Skip to main content

Small Business

March 2017 Small Business Channel

Small Business png 1  58beccf5b103e

Starting a Small Business? Here’s What the Experts Want You to Know

How to be a risk taker: What separates the risk takers – be they people or organizations – from the rest of us? These are the conclusions offered by the editors and writers of Fast Company in The Rules of Business:

  • Not overly preoccupied with making mistakes. All the old clichés – such as “Even the best hitters in baseball fail 7 out of 10 times” – hold true here. Successful risk takers learn from their mistakes but don’t brood about them.
  • Willing to admit when they are wrong. They kill the project and start another.
  • Relentlessly upbeat. They minimize the downside and focus on what could go right.


Why are we in business? Ron Baker discusses this on his radio show and the resulting book, The Soul of Enterprise: “I ask this question a lot, a majority of people answer, ‘To make a profit.’ But that’s not the purpose of a business. The purpose of a business, [management consultant and author] Peter Drucker thought, was to create a customer. We’re saying it’s to create value outside of your four walls. Peter Drucker also made another point that ties these two laws together very nicely, which is that the only two functions that matter in any business are marketing and innovation. It’s only marketing and innovation that create results. All the rest are costs. The customer doesn’t really care about costs. It’s something he called the marketing concept and I love it because it’s simple, but not simplistic.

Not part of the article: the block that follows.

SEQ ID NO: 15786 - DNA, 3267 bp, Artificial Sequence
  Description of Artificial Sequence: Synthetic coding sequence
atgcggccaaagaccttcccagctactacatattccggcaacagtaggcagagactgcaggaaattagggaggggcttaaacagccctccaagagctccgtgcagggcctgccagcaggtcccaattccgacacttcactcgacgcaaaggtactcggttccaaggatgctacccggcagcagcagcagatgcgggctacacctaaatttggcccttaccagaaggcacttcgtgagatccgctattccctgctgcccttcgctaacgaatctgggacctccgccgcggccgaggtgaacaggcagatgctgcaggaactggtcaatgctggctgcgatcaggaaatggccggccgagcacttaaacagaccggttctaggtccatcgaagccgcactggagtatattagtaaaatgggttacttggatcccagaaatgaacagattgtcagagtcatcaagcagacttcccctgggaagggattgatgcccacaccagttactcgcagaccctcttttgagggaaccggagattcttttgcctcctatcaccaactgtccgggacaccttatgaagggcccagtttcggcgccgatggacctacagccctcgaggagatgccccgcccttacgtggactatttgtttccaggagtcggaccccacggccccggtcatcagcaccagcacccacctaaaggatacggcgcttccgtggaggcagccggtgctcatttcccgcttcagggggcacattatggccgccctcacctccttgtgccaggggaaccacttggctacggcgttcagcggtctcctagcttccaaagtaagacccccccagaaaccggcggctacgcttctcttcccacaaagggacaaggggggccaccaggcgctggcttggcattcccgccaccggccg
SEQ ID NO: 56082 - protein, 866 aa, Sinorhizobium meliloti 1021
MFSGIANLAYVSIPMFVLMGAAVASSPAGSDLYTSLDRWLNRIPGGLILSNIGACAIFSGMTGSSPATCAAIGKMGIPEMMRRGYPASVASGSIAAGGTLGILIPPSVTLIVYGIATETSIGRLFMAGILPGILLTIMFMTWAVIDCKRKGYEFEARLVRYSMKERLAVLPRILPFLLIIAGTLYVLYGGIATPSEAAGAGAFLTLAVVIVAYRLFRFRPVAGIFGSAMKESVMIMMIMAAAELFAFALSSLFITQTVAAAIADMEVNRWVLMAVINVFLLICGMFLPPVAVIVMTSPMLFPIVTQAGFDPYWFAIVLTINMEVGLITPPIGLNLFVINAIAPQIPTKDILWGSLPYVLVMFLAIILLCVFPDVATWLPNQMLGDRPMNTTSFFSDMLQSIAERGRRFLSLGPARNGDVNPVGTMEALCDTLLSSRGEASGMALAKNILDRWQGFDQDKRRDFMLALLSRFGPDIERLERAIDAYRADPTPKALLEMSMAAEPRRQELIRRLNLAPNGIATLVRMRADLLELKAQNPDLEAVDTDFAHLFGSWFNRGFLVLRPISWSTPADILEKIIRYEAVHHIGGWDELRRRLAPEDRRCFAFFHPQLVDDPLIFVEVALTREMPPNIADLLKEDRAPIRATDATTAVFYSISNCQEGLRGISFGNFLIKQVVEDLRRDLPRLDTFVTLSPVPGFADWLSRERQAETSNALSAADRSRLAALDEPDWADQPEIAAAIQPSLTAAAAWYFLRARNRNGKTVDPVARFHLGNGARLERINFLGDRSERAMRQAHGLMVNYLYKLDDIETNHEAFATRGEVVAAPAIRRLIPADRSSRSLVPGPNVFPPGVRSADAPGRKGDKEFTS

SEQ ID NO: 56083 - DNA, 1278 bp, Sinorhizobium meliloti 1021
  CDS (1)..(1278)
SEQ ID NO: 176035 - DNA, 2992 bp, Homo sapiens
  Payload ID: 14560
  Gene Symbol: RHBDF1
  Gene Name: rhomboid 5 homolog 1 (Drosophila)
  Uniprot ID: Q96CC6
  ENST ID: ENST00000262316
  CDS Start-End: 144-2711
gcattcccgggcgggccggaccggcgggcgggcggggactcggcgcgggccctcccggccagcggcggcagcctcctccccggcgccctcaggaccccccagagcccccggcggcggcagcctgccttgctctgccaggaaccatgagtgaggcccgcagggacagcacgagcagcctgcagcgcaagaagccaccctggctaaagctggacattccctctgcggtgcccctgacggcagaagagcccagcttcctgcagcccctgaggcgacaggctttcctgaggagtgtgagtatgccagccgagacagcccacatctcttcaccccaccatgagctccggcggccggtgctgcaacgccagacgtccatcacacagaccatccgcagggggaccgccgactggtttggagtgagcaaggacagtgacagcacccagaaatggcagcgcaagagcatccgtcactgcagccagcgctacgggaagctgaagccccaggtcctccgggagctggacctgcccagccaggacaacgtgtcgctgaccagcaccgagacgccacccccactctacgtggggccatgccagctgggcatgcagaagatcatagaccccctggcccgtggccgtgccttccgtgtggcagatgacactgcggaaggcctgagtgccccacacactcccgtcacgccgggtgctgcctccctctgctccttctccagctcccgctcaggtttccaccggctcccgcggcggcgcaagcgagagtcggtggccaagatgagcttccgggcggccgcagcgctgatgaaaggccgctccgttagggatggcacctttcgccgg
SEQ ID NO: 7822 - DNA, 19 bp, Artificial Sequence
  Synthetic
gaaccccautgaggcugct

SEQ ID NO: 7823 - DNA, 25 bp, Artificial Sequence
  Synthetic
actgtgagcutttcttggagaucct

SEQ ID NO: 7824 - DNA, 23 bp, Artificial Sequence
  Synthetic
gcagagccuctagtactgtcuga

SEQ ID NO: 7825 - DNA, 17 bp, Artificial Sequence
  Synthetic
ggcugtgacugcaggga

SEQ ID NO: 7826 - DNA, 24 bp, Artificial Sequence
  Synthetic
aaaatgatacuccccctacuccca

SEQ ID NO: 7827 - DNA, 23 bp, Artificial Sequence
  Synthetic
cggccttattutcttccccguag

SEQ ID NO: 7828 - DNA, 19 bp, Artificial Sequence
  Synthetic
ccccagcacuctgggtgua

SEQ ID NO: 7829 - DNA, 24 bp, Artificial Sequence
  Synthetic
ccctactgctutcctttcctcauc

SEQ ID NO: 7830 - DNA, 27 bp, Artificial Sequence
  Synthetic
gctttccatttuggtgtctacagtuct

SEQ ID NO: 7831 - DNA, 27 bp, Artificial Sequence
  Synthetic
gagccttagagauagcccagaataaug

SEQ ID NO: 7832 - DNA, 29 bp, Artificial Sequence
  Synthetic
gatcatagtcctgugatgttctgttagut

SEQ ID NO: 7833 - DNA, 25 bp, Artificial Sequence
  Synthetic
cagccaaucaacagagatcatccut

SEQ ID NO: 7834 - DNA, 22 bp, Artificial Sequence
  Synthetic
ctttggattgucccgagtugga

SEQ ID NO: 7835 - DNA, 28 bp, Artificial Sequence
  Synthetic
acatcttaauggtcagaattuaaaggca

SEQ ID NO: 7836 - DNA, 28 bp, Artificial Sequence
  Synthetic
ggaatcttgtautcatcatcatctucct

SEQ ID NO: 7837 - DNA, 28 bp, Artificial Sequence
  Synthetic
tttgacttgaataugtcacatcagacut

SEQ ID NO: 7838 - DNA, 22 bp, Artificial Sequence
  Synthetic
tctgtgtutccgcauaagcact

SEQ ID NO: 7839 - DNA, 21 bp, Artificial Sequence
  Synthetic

In So You Want to Start a Business, authors Edward Hess and Charles Goetz reveal the eight most common start-up mistakes:

  1. Choosing a bad business opportunity. They claim the difference between a business idea and a business opportunity is that opportunities satisfy existing customers needs and customers are willing to pay for satisfying those needs, whereas an idea might be nice to have but not necessary.
  2. Choosing the wrong customers. A successful business creates a match between the right customers and the right products or services that meet the needs of those customers.
  3. Choosing the wrong product. The right product is the one that provides the customer with what he or she needs at a price they can afford and which will allow you to make a profit. Many entrepreneurs fail the product test by choosing a product that they love more than the customers.
  4. Pricing products or services improperly. Know how much it costs to produce your product, know the price your competition is charging for a similar product, and use the concept of value pricing which is truly understanding what your potential customer is willing to pay.
  5. Not selling to enough customers quickly enough. Customers don’t like to change their buying habits. Understand the lifespan of your product and how the time it takes to make the sale will impact your customers.
  6. Not executing well. Always remember that you are required to deliver a quality product on time, every time, defect-free, at a profit.